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"Heartbreaker" is a song from Englishmarker rock band Led Zeppelin's 1969 album, Led Zeppelin II. It was credited to all four members of the band, having been recorded at A&R Studios, New Yorkmarker, during the band's second concert tour of the United States, and was engineered by Eddie Kramer.

"Heartbreaker" opens Side II of the album, and is famous for its memorable guitar riff by Jimmy Page, along with its unaccompanied solo, which he did not compose but rather improvised on the spot. It was voted as the 16th greatest guitar solo of all time by Guitar World magazine. "Heartbreaker" was ranked #320 in 2004 by Rolling Stone magazine, in their 500 Greatest Songs of All Time.

Structure

The song begins on beat 4, bending the minor 7th (G) up to the root (A), kicking off an aggressive riff constructed around the blues scale, followed by a powerful power chord assault during the verse from not only the guitar but the bass playing power chords also (through a rotating Leslie cabinet). Robert Plant sings about a woman named Annie, who is up to her old tricks again; the lyrics recalling a tale of a man painfully wizened after their encounters.

Following a straight 8ths "rave up" by the band, Page's solo fires off a rapid-fire chain of sextuplet hammer-ons and pull-offs, accented by the guitarist bending the G String behind the guitar's nut. Page plays a few bluesy licks before launching into a "wall of notes" motif in A, finally bringing it to an end with a blues cliché "goodbye chord." The rest of the band joins Page for another improvisation as an interlude into the final verse.

In an interview Page gave to Guitar World magazine in 1998, Page stated that:

Page also disclosed to Guitar World that this song in general, and the a cappella solo in particular, was the first recorded instance of his famous Gibson Les Paul/Marshall Stack combination.

When "Heartbreaker" is played on radio stations, it almost always segues into the next song on the album, "Living Loving Maid ," thanks to the similarities of subjects involved between the two songs, and the fact that "Living Loving Maid" segues directly from "Heartbreaker". However, they would never be played together at concerts, purportedly because Jimmy Page was not particularly fond of the latter song.

Live history

The song was a crowd favorite at Led Zeppelin concerts, and the band opened many of their live shows in 1971 and 1972 with "Immigrant Song" followed by a segue right into "Heartbreaker". On later concert tours it was often played as an encore. "Heartbreaker", along with "Communication Breakdown", were the only songs to be played live during every year that the band toured.

During live performances Page would frequently improvise the playing in his solo, and was also known to include parts of Bach's "Bourrée in E minor" from his Lute Suites (this can be heard on the live albums Led Zeppelin BBC Sessions and How the West Was Won), as well as Simon and Garfunkel's "The 59th Street Bridge Song ", though on official releases this section has been cut. Sometimes the solo would also be stretched out to incorporate sections of the traditional English folk song, "Greensleeves".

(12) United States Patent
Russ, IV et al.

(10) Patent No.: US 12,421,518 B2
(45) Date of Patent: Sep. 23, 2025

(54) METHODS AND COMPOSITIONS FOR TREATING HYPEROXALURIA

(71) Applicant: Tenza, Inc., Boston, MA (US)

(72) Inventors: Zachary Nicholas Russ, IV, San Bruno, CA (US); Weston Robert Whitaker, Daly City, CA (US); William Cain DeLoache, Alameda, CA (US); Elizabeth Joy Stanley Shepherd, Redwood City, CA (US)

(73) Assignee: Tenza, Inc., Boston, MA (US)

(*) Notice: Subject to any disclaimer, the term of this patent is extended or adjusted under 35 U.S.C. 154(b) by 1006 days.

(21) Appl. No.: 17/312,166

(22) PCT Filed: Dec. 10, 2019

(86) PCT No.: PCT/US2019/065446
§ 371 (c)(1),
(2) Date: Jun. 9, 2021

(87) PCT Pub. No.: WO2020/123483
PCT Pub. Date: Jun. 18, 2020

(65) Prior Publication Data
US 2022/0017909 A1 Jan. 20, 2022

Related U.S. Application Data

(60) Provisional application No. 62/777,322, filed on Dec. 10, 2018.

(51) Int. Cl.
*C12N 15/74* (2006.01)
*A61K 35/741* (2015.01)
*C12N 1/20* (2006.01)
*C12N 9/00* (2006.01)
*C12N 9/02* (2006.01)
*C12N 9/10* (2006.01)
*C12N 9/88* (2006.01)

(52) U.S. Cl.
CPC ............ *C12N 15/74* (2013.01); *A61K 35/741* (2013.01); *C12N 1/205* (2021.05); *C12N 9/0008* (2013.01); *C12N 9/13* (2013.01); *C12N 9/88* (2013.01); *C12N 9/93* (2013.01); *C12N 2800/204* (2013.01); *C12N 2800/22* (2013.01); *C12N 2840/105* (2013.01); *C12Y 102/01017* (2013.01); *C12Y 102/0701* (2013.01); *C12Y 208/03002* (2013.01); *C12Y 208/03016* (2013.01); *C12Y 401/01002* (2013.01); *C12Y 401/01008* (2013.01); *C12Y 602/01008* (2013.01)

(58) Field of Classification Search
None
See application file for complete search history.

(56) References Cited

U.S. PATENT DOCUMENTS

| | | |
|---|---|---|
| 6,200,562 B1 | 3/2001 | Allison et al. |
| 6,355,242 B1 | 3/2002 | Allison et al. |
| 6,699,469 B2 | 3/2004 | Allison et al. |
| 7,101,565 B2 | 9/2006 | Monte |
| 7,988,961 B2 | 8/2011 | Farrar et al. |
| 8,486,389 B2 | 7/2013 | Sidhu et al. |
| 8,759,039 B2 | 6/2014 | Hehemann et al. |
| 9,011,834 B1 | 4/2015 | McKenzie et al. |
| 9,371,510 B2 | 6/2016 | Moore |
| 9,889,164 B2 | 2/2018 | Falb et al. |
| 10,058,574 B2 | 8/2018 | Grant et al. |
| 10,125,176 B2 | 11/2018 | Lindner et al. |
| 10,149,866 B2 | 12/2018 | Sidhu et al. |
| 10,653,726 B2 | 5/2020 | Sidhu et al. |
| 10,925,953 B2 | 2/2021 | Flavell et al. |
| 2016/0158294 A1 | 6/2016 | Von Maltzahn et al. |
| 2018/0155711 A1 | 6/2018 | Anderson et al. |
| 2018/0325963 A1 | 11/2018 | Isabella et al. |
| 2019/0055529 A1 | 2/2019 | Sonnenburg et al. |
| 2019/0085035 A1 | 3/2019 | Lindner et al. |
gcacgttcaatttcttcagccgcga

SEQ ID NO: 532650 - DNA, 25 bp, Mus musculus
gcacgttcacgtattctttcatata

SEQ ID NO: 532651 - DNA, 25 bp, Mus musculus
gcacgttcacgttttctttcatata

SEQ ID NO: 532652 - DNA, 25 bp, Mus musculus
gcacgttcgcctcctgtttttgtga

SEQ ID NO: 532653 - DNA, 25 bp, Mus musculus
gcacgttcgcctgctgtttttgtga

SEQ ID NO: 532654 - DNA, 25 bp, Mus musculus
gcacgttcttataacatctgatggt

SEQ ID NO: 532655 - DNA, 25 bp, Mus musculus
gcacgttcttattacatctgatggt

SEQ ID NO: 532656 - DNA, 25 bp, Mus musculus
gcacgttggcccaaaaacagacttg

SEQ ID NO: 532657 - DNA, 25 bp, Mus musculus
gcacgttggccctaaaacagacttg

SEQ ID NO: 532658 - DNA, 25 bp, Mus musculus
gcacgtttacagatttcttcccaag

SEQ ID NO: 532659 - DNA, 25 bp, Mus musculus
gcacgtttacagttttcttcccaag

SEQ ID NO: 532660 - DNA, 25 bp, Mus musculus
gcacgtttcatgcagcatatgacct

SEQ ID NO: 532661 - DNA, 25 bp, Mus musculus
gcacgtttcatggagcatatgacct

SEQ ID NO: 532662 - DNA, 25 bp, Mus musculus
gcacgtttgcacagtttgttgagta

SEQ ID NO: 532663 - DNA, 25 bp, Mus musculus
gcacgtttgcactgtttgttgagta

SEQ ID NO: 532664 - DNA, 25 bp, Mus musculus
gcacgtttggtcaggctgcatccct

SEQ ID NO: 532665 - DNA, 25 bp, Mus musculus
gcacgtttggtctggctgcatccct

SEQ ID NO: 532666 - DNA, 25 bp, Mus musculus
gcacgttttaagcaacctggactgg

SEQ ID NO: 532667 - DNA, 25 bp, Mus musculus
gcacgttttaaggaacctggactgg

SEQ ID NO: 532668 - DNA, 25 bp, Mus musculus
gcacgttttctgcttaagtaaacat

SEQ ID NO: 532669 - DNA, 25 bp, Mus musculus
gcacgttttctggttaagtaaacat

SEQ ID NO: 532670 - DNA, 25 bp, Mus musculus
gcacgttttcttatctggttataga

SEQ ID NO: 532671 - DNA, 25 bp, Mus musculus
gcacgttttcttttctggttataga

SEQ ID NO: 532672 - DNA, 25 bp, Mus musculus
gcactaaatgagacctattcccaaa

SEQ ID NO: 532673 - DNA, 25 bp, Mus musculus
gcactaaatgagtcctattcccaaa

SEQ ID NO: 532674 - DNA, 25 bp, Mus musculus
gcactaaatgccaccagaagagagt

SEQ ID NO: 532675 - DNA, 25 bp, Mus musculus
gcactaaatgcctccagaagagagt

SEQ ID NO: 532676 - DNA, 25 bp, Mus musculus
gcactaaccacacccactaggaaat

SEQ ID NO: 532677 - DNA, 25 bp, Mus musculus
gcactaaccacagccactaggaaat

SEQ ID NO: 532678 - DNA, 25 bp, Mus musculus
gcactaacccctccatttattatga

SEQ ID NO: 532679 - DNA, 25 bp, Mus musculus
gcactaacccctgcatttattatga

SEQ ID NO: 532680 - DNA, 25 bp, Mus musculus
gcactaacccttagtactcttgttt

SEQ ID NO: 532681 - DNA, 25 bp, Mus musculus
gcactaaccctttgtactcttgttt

A live, filmed version of the song from 1973 at Madison Square Gardenmarker, New Yorkmarker, is included in the Led Zeppelin concert film, The Song Remains The Same, although it is only shown in parts. For many years, this recorded version was left off the film's accompanying soundtrack album, until the album was remastered and re-released in 2007, with the full performance of the song included.

Led Zeppelin's last performance ever of the song was on June 29th, 1980, at Denmarkmarker. Following Bonham's death, the surviving members of Led Zeppelin performed "Heartbreaker" at the Atlantic Records 40th Anniversary concert in 1988, at Madison Square Gardenmarker in New Yorkmarker, with John's son Jason Bonham on drums. Jimmy Page also performed this song on his tour with The Black Crowes in 1999. A version of "Heartbreaker" performed by Page and The Black Crowes can be found on the album Live at the Greek.

Influence

The solo's trickery purportedly inspired Eddie Van Halen to develop his influential tapping technique after he had seen Led Zeppelin play "Heartbreaker" live:

"Heartbreaker" is one of the songs featured in Nick Hornby's book 31 Songs.

Formats and tracklistings

1969 7" single edition (Italy: Atlantic ATL NP 03162)
  • A. "Heartbreaker" (Bonham, Jones, Page, Plant) 4:14
  • B. "Bring It On Home" (Page, Plant, Dixon) 4:21


1969 7" single edition (Philippines: Atlantic 45-3735)
  • A. "Heartbreaker" (Bonham, Jones, Page, Plant) 4:14
  • B. "Ramble On" (Page, Plant) 4:23


1969 7" single edition (South Africa: Atlantic ATS)
  • A. "Heartbreaker" (Bonham, Jones, Page, Plant) 4:14
  • B. "Living Loving Maid (She's Just a Woman)" (Page, Plant) 2:39


Chart positions

Chart (1970) Peak position
Italian Singles Chart 39


Personnel



Cover versions



  • 2004: George Clinton, Killah Priest, & Bobby Reeves (Stairway to Rock: (Not Just) a Led Zeppelin Tribute)
  • 2005: Hampton String Quartet (Take No Prisoners!)
  • 2005: Sly and Robbie (The Rhythm Remains the Same: Sly & Robbie Greets Led Zeppelin)
  • 2006: Soul Doctor (For a Fistful of Dollars [bonus tracks edition])
  • 2006: The Rockies (The Music of Led Zeppelin)
  • 2006: Studio 99 (Led Zeppelin: A Tribute)
  • 2008: Steve Morse (Led Box: The Ultimate Led Zeppelin Tribute)
  • 2008: Anthony Gomes (Live [recorded live 27 February 2007])


Sources

  • Lewis, Dave (2004) The Complete Guide to the Music of Led Zeppelin, ISBN 0-7119-3528-9
  • Welch, Chris (1998) Led Zeppelin: Dazed and Confused: The Stories Behind Every Song, ISBN 1-56025-818-7


References



External links




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